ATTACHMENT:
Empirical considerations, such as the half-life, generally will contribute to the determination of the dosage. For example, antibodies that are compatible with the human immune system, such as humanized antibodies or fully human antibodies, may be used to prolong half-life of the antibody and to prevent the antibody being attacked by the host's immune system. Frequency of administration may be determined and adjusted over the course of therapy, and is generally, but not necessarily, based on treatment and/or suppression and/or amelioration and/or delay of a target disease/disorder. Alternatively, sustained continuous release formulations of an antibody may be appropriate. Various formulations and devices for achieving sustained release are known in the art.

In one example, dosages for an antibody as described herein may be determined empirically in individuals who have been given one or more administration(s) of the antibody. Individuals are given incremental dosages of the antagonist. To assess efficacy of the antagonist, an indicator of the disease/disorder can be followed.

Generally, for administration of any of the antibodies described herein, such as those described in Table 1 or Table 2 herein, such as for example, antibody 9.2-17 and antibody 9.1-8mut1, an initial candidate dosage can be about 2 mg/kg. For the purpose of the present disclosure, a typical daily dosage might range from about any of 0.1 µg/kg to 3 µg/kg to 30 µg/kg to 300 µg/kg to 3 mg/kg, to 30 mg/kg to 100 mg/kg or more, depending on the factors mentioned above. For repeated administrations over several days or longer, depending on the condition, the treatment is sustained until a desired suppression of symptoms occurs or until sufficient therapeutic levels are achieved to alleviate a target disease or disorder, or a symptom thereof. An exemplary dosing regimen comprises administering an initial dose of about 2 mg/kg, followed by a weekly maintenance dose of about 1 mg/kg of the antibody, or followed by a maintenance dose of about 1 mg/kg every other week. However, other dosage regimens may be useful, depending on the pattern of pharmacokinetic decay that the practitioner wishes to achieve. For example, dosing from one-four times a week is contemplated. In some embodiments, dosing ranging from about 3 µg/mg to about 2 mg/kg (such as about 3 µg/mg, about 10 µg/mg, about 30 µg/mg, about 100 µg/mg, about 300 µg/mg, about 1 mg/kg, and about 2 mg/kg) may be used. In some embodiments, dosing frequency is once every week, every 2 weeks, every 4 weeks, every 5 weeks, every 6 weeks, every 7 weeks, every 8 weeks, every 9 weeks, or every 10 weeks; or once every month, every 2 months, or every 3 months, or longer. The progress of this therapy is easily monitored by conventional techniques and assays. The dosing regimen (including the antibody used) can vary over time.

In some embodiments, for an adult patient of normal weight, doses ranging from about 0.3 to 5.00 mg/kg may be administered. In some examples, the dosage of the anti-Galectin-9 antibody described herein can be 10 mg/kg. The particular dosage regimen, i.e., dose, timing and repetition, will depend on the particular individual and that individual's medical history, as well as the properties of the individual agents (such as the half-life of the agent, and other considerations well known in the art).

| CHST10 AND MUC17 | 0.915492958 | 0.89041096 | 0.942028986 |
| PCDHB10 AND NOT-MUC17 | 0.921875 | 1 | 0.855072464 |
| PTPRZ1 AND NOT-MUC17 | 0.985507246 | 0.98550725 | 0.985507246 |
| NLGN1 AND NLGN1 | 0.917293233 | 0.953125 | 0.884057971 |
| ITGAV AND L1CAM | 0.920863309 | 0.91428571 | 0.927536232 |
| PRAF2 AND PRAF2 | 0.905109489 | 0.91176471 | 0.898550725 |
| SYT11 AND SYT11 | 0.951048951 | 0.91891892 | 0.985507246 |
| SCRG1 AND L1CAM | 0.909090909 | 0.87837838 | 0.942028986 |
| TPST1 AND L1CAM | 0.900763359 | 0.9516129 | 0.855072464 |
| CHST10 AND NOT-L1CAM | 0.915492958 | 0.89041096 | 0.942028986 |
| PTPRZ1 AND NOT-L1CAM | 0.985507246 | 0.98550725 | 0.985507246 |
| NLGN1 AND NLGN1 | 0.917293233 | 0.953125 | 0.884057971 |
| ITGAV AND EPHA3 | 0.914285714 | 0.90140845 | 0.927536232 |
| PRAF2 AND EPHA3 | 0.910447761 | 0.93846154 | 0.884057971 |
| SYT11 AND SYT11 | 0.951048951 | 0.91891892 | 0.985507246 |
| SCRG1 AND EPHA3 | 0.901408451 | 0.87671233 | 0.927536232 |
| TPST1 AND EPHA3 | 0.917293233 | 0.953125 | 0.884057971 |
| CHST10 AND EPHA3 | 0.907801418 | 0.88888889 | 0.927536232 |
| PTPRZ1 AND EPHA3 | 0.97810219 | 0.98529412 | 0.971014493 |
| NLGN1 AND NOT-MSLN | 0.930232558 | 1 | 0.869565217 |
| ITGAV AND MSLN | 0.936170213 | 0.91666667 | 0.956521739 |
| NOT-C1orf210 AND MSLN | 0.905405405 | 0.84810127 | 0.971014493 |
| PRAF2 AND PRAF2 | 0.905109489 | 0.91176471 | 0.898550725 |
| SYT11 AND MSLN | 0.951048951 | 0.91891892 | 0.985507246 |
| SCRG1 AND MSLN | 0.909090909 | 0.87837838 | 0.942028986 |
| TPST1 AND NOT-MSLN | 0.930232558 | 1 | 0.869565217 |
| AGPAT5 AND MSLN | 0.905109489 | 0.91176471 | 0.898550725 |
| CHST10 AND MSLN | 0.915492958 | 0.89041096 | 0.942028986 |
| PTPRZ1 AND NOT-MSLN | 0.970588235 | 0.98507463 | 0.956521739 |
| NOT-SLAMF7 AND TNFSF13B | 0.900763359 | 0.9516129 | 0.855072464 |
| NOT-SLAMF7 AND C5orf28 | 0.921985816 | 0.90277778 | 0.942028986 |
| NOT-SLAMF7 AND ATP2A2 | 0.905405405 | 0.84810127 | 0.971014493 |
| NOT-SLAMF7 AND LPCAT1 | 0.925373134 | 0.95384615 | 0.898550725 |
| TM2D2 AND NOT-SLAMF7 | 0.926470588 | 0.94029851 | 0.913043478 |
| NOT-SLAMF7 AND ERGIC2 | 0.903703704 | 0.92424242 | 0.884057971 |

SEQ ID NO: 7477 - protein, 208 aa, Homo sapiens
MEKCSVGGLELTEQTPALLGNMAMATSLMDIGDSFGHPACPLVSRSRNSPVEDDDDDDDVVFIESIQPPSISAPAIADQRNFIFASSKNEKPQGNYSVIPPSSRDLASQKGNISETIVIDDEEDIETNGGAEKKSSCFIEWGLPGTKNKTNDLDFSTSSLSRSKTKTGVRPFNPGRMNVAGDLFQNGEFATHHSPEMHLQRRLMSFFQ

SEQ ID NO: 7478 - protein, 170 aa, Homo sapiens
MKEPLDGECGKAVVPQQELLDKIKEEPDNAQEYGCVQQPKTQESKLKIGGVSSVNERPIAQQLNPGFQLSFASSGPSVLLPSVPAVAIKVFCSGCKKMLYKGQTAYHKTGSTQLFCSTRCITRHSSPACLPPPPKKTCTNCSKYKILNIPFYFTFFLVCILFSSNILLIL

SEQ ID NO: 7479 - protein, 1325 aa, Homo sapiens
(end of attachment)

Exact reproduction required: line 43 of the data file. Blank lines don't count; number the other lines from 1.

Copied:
MKEPLDGECGKAVVPQQELLDKIKEEPDNAQEYGCVQQPKTQESKLKIGGVSSVNERPIAQQLNPGFQLSFASSGPSVLLPSVPAVAIKVFCSGCKKMLYKGQTAYHKTGSTQLFCSTRCITRHSSPACLPPPPKKTCTNCSKYKILNIPFYFTFFLVCILFSSNILLIL